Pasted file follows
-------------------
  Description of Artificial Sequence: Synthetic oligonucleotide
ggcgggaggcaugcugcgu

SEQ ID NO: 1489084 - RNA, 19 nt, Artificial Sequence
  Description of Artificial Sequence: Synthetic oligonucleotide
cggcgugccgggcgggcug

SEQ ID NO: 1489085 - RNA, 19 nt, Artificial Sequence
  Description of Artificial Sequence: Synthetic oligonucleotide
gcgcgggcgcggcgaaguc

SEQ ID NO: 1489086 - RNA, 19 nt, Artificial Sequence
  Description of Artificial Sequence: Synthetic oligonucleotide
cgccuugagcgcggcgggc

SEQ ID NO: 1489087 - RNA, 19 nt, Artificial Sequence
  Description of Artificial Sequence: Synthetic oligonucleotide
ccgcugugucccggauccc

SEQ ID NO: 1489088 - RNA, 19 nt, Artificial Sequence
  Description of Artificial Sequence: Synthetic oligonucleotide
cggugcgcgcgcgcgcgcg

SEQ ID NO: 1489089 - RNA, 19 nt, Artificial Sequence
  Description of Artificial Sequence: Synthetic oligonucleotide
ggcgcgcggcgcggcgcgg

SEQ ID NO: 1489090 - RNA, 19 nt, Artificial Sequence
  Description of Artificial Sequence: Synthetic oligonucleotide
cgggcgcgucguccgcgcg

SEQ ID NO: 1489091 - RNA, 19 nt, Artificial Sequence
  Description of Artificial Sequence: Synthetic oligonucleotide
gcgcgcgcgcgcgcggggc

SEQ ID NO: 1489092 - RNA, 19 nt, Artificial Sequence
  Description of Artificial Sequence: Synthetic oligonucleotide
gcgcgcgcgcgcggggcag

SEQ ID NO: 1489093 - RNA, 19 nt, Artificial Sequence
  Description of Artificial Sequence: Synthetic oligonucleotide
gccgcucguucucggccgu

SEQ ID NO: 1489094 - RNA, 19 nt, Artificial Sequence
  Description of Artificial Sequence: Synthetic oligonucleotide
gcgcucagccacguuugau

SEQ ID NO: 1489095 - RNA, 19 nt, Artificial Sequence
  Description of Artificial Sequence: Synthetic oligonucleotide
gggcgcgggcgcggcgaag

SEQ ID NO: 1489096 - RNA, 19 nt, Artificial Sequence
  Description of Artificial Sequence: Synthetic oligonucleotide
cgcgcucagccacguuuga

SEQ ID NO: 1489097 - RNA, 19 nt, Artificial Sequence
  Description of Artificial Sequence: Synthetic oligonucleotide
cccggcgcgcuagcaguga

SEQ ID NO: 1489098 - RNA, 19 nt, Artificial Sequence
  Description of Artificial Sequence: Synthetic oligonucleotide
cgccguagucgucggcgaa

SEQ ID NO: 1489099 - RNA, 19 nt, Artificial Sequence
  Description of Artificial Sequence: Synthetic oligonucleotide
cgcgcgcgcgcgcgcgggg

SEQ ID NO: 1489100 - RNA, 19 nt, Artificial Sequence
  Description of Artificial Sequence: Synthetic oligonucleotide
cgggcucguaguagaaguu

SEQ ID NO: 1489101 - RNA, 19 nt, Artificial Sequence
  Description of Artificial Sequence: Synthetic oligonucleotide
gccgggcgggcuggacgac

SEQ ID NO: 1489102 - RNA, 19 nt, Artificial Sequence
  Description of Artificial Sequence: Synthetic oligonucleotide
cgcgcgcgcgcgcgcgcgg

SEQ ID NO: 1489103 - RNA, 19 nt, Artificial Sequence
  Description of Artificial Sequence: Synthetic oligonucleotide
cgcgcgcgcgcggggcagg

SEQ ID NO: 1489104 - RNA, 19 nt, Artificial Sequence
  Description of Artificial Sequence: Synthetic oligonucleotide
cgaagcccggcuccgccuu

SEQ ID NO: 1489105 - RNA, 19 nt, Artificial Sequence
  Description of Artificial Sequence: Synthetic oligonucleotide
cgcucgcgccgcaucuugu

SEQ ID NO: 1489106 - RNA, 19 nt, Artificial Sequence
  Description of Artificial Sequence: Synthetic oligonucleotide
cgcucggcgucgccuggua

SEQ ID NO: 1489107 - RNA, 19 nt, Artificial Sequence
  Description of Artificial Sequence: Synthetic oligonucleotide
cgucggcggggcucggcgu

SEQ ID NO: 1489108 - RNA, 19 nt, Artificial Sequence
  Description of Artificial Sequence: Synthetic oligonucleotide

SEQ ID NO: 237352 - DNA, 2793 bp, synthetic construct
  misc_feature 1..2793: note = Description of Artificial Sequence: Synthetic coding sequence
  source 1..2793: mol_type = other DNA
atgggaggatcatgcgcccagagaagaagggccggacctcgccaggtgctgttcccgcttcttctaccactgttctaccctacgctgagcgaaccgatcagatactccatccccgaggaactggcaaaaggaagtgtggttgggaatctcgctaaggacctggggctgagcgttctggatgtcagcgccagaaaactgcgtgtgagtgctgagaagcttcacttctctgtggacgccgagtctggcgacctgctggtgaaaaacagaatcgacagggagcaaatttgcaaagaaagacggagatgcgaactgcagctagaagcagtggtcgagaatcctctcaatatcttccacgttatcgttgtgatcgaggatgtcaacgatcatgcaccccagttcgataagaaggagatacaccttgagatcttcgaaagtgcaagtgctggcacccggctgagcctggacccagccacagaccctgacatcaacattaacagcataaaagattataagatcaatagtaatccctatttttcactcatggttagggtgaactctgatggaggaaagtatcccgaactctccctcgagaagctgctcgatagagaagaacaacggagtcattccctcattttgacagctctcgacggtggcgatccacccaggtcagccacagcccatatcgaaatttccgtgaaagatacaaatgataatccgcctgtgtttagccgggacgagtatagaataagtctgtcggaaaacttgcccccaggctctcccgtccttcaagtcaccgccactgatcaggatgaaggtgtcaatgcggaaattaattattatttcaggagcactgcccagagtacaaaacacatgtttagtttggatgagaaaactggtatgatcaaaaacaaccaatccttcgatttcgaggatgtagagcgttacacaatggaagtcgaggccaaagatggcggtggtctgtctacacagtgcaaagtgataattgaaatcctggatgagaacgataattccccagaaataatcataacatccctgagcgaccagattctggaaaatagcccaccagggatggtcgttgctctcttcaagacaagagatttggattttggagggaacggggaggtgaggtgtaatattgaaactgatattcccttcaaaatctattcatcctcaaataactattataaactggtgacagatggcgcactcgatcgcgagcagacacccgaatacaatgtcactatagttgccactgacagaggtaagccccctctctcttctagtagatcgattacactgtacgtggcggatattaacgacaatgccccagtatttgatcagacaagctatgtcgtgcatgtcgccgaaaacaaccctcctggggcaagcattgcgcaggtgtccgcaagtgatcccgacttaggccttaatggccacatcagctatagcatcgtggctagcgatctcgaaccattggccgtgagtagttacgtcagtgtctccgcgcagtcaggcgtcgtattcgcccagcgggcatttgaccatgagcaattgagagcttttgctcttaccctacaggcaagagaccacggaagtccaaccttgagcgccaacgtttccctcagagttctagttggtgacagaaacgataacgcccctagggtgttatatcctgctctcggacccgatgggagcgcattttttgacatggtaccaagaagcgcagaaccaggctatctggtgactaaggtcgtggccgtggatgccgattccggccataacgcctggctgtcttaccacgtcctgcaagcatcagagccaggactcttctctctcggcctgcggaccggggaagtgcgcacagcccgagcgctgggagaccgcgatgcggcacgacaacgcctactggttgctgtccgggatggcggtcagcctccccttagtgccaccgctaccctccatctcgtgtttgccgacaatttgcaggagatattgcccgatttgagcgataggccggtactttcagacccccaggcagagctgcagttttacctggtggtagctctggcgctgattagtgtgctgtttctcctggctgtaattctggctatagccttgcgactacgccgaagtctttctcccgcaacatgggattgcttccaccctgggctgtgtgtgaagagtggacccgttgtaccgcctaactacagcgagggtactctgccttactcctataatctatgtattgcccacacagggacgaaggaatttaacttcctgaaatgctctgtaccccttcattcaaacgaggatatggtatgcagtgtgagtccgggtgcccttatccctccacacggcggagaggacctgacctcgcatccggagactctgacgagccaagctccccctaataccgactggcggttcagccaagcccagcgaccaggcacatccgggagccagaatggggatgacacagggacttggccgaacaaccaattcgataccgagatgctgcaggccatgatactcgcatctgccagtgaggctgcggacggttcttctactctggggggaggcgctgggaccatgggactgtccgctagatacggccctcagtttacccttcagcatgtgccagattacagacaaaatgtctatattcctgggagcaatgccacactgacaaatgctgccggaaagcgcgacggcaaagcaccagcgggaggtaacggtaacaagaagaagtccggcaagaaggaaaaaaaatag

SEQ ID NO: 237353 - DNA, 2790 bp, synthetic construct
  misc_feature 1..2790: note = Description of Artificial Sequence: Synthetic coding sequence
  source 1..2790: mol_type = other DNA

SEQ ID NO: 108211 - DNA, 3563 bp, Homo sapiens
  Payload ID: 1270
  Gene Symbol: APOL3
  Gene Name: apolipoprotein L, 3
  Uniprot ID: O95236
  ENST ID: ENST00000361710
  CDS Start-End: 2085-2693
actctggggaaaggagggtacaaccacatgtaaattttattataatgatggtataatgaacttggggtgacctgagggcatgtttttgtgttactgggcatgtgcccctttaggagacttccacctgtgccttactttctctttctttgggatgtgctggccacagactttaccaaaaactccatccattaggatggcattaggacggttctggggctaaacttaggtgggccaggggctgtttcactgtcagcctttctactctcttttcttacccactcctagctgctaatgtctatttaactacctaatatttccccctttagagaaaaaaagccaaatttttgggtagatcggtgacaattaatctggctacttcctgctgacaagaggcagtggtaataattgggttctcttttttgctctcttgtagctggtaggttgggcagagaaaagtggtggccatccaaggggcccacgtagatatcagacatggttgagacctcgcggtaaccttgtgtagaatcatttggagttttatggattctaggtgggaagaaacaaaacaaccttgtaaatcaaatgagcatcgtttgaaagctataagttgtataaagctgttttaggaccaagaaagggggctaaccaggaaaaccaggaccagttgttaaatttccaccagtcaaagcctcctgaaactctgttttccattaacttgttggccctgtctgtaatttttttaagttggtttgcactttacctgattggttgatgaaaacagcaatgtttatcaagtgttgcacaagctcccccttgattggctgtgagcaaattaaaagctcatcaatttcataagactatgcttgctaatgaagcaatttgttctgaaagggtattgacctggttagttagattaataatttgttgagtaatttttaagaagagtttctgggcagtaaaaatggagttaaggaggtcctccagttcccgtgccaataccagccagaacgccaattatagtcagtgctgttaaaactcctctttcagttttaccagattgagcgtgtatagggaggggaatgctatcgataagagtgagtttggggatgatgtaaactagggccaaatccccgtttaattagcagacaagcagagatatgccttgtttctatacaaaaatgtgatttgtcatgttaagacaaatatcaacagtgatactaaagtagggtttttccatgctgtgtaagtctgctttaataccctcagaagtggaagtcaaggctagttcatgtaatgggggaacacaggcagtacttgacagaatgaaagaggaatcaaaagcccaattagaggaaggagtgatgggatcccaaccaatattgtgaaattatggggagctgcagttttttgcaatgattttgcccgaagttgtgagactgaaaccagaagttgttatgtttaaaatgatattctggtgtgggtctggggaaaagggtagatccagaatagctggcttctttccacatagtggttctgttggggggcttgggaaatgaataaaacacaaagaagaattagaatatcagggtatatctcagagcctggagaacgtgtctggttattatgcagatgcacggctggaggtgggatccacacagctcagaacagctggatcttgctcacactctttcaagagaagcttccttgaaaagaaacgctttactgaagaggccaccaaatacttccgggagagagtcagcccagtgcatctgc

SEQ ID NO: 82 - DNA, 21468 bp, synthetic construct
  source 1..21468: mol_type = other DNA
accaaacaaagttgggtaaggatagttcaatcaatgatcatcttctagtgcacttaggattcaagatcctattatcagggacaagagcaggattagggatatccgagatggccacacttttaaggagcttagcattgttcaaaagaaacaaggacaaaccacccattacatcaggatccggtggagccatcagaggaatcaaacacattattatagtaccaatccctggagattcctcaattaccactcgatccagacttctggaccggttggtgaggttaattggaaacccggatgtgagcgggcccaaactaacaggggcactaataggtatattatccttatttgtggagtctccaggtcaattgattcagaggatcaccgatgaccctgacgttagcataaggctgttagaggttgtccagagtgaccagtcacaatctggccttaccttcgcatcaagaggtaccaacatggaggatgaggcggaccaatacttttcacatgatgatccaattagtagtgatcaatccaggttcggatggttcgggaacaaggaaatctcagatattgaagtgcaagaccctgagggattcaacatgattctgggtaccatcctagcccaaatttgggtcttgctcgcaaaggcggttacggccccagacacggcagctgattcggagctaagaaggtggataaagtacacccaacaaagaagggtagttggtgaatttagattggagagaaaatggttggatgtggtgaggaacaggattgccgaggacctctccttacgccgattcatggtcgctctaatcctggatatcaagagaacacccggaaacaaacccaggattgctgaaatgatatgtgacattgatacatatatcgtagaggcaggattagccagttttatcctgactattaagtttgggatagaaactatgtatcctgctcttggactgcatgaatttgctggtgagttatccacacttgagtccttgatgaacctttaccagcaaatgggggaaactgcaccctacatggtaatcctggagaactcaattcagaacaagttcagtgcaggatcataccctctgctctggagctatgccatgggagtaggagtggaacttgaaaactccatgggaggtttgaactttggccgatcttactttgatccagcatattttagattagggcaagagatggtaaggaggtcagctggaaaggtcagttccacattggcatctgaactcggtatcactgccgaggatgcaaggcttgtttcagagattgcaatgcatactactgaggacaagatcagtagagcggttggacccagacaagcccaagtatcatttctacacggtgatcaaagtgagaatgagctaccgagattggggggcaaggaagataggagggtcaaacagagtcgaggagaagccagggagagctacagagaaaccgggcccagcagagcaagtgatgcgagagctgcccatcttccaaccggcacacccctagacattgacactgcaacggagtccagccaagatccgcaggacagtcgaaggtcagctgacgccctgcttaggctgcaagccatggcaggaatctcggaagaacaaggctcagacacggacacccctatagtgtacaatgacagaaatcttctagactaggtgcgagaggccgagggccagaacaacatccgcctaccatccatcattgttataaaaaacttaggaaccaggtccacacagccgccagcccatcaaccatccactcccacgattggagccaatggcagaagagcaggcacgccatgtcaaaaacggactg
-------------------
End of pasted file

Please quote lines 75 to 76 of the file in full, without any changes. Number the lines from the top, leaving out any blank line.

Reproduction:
SEQ ID NO: 1489108 - RNA, 19 nt, Artificial Sequence
  Description of Artificial Sequence: Synthetic oligonucleotide